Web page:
Lower back pain (LBP) is one of the most common medical issues in the United States and the most often reported cause of disability worldwide. It’s easy to see why this is the case, since the lower spine and its supporting muscle groups are fairly exposed and susceptible to injury and stress. One particular set of supporting muscles that may affect the lower back is the group of three muscles that make up the buttocks—the gluteal muscles (“glutes”), which go from the sacrum and ilium bones of the pelvis to the top of the thigh bone (femur).
What Exactly Do Your Glutes Do?
Together, the glutes are the largest muscle group in the body. These muscles become active when you stand or make various leg movements while walking, climbing stairs, or playing sports. They play a key role in taking some of the burden of your daily movements off your lower back.
How Do Weak Glutes Cause Lower Back Pain?
When your glutes are weak, the stress these muscles normally absorb may be transferred to your lower back and hips. Poor glute muscle strength may also contribute to problems with posture, which may lead to slouching and other habits that could contribute to chronic lower back pain. Plus, if you have existing issues with herniated discs or other structural problems in your lower back area, the added stress from a lack of support from your glutes can affect discs or vertebrae that are already irritated or damaged. Depending on the severity of the damage, your spine specialist may recommend one of a variety of treatment methods, including spinal fusion surgery. Los Angeles residents with severe lower back pain should see a spinal health specialist as soon as possible for prompt diagnosis and treatment.
How Do Weak Glutes Affect the Sciatic Nerve?
Beginning in the lower spine and extending into the legs, the sciatic nerve is the longest single nerve in the body. It can also be a source of chronic lower back and radiating nerve pain. Because the glutes affect hip and knee movements, the way you walk can be affected when these muscles are weak. If you have an uneven gait, the added pressure could work its way up to where your sciatic nerve is located. The result could be inflammation, irritation, and distracting lower back pain.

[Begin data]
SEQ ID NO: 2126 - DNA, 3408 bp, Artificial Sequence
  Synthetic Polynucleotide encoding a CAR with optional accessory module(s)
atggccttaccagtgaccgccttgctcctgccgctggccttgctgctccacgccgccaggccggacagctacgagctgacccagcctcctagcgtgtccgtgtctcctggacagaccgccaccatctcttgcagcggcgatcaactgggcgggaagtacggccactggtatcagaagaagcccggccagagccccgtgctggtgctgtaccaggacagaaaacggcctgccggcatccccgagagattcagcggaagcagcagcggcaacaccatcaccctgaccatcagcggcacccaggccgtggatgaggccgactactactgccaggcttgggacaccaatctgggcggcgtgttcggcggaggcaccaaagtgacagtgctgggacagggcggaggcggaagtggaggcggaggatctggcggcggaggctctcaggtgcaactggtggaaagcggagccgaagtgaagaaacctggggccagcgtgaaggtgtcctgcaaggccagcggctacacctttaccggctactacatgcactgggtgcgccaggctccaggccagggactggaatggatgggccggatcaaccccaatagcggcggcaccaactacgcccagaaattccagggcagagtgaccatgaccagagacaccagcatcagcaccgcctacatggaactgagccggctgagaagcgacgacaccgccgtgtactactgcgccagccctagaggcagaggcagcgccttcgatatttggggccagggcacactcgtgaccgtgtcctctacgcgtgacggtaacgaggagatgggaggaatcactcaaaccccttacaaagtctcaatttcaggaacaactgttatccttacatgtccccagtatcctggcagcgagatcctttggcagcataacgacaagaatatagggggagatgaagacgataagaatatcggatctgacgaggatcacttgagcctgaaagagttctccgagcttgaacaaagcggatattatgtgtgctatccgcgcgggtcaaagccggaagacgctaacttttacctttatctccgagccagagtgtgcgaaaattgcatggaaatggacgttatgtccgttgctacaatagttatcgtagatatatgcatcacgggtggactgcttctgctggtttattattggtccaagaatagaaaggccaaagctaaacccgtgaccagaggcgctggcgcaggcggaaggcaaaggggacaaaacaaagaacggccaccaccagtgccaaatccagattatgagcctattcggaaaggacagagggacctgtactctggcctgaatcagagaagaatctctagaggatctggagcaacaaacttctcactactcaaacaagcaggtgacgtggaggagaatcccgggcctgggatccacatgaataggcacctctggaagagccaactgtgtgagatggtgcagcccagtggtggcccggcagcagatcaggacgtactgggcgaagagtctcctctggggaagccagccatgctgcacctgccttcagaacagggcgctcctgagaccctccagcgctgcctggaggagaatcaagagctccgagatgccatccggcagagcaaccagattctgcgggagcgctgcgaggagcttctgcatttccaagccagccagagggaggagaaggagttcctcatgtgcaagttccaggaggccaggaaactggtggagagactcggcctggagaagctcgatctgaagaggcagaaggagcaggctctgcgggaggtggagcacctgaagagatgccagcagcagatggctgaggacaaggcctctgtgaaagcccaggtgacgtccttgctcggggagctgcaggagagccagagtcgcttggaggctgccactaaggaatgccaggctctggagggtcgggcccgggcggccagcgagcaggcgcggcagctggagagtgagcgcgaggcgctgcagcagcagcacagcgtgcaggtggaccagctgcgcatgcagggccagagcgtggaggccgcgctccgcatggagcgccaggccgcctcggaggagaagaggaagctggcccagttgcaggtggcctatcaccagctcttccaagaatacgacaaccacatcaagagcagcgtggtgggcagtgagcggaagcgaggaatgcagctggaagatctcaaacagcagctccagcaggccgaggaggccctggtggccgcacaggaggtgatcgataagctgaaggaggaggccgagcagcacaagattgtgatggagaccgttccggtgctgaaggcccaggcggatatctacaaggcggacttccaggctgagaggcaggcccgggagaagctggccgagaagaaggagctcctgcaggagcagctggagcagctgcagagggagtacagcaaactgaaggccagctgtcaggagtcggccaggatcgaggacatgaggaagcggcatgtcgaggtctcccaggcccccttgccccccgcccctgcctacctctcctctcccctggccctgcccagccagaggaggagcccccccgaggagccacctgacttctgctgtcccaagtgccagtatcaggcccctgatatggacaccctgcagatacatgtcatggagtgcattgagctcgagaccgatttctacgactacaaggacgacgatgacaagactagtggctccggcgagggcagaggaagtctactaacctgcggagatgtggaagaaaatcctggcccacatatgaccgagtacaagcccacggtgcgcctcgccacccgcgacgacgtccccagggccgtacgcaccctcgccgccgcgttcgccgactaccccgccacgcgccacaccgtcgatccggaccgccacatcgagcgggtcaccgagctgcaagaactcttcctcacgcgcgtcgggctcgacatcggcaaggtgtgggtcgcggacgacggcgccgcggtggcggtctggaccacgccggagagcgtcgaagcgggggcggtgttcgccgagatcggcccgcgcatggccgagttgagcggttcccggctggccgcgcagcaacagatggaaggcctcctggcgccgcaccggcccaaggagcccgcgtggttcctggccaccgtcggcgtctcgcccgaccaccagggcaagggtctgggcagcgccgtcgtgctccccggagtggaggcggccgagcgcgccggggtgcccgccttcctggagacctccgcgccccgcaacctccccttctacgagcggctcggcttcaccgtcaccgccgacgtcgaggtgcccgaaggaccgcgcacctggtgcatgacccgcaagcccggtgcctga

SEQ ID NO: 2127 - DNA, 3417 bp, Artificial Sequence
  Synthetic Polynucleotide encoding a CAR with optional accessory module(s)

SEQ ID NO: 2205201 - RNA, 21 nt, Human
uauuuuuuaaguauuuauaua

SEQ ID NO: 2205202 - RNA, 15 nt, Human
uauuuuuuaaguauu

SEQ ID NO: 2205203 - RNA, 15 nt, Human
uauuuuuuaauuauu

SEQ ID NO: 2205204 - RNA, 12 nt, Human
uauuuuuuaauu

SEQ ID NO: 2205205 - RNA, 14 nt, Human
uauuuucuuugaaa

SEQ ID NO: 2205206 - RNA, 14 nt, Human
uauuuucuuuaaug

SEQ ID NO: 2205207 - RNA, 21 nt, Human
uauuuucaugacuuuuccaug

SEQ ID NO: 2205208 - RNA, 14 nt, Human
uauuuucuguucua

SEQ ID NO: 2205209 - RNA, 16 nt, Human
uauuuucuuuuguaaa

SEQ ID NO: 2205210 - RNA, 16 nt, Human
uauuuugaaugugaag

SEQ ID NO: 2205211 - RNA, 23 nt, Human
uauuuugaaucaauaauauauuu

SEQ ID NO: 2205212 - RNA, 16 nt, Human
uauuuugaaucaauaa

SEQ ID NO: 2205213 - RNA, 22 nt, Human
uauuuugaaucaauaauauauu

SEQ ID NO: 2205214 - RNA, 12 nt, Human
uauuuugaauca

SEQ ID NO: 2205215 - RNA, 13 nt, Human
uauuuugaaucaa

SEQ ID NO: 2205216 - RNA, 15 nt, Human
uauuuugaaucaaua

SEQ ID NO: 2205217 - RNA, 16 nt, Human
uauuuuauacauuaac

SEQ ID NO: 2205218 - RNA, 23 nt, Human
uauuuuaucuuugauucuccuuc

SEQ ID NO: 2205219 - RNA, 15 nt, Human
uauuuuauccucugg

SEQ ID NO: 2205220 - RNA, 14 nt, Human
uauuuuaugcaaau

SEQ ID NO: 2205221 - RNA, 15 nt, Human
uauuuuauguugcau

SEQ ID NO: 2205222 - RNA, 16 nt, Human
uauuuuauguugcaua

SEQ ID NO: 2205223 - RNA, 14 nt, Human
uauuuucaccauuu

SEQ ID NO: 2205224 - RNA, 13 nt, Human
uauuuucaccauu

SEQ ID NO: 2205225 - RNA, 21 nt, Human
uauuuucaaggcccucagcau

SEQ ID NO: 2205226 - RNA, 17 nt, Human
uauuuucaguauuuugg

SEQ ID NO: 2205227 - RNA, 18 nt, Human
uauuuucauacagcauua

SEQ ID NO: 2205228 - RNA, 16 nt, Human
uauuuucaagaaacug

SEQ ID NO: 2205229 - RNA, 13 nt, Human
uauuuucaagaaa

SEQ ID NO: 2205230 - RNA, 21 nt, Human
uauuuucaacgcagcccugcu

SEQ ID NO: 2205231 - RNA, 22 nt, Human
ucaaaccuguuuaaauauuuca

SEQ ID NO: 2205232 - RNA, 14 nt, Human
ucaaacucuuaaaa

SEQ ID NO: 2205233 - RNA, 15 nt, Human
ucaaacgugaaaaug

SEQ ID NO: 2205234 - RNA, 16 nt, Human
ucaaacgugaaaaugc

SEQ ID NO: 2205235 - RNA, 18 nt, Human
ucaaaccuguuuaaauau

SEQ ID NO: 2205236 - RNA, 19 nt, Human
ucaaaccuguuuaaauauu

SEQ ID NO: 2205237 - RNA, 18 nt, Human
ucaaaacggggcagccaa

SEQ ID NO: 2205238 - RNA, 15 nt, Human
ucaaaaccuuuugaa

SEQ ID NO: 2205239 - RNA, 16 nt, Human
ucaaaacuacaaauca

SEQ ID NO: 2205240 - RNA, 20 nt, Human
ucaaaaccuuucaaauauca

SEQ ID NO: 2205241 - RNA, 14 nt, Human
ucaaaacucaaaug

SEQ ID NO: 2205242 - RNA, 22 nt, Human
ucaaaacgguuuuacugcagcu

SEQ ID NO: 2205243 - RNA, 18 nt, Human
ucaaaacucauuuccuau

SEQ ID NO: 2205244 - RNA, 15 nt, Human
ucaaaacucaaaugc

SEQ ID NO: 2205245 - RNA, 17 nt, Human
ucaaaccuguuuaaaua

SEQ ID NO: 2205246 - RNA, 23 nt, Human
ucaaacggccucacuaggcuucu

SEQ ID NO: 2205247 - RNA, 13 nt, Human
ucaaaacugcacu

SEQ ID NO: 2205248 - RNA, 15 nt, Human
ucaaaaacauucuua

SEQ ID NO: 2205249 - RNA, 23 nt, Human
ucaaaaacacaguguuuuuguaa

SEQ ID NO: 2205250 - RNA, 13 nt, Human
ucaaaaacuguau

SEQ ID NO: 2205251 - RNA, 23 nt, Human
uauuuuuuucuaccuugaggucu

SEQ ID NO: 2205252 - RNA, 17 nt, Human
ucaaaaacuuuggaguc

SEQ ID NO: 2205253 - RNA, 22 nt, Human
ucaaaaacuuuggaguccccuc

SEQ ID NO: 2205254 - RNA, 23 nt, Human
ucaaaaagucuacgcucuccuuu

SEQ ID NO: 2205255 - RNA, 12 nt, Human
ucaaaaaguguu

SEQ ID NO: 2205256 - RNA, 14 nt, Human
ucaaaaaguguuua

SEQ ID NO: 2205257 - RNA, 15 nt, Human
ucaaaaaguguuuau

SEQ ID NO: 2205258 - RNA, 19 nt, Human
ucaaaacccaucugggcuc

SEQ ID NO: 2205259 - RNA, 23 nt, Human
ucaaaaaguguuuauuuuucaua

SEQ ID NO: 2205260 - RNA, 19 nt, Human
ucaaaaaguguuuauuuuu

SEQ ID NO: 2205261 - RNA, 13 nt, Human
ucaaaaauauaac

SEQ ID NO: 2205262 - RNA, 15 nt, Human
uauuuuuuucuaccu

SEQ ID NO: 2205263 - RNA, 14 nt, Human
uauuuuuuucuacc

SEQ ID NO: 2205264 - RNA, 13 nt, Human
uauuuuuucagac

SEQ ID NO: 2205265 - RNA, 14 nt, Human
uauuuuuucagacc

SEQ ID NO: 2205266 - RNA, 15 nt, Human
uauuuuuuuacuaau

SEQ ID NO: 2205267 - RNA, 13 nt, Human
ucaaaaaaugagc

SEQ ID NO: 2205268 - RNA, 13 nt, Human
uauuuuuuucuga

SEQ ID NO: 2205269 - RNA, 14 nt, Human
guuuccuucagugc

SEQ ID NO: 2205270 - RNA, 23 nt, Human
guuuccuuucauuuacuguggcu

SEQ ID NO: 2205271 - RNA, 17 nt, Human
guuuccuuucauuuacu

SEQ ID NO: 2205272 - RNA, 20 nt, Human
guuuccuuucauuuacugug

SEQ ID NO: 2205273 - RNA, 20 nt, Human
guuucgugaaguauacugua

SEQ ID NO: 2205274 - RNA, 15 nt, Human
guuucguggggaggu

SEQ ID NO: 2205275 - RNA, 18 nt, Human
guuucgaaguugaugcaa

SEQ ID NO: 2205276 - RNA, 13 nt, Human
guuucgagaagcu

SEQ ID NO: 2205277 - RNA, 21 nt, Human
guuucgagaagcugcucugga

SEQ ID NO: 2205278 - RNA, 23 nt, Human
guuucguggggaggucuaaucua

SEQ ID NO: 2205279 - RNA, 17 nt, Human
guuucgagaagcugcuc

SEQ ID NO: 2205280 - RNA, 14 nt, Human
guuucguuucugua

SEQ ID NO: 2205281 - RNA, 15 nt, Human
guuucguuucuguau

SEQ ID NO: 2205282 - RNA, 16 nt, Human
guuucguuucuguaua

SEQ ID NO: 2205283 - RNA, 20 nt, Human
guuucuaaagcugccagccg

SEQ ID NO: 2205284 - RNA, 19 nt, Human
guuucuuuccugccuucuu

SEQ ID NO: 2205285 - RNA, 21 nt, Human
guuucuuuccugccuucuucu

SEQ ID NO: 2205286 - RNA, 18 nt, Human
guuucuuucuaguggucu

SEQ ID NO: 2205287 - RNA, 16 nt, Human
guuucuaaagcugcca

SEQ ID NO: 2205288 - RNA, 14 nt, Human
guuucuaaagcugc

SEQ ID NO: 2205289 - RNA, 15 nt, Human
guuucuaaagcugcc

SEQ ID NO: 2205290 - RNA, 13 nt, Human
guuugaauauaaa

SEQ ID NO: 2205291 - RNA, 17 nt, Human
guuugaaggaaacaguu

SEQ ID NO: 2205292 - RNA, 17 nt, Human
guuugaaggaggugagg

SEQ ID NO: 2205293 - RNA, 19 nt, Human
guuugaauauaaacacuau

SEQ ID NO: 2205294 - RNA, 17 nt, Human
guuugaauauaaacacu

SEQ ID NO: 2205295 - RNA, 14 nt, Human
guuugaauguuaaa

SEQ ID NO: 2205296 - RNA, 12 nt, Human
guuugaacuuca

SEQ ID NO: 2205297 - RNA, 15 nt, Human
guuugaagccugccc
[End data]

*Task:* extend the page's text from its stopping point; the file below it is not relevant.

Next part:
What Makes Glutes Weak?
Your glutes may become weak and stressed from long hours of sitting in the same position, especially if this is what you normally do at work each day. This prolonged stress on the same gluteal and lower back muscles can set off a domino effect and irritate other parts of your lower back while also further weakening important muscle groups. However, the main reason for weak gluteal muscles is usually a lack of regular exercise.
A search for “glute exercises” will likely lead to several recommendations for various types of squats, which can certainly be effective. However, such exercises may also put too much stress on your lower back if you already have issues with recurring pain in this area. Fortunately, there are other less stressful forms of exercise—such as water-based exercises, yoga, and Pilates—that can effectively target the glutes and other core spine-supporting muscle groups.
No matter what its cause, lower back pain can often be effectively managed or eliminated when you seek the help of an experienced Los Angeles spine surgeon. The pioneering spine specialists at The Spine Institute have years of experience successfully diagnosing and treating back pain. If you’re experiencing sudden, severe, or lingering pain in your back or neck, call one of our friendly representatives today at 310-828-7757 to schedule a consultation.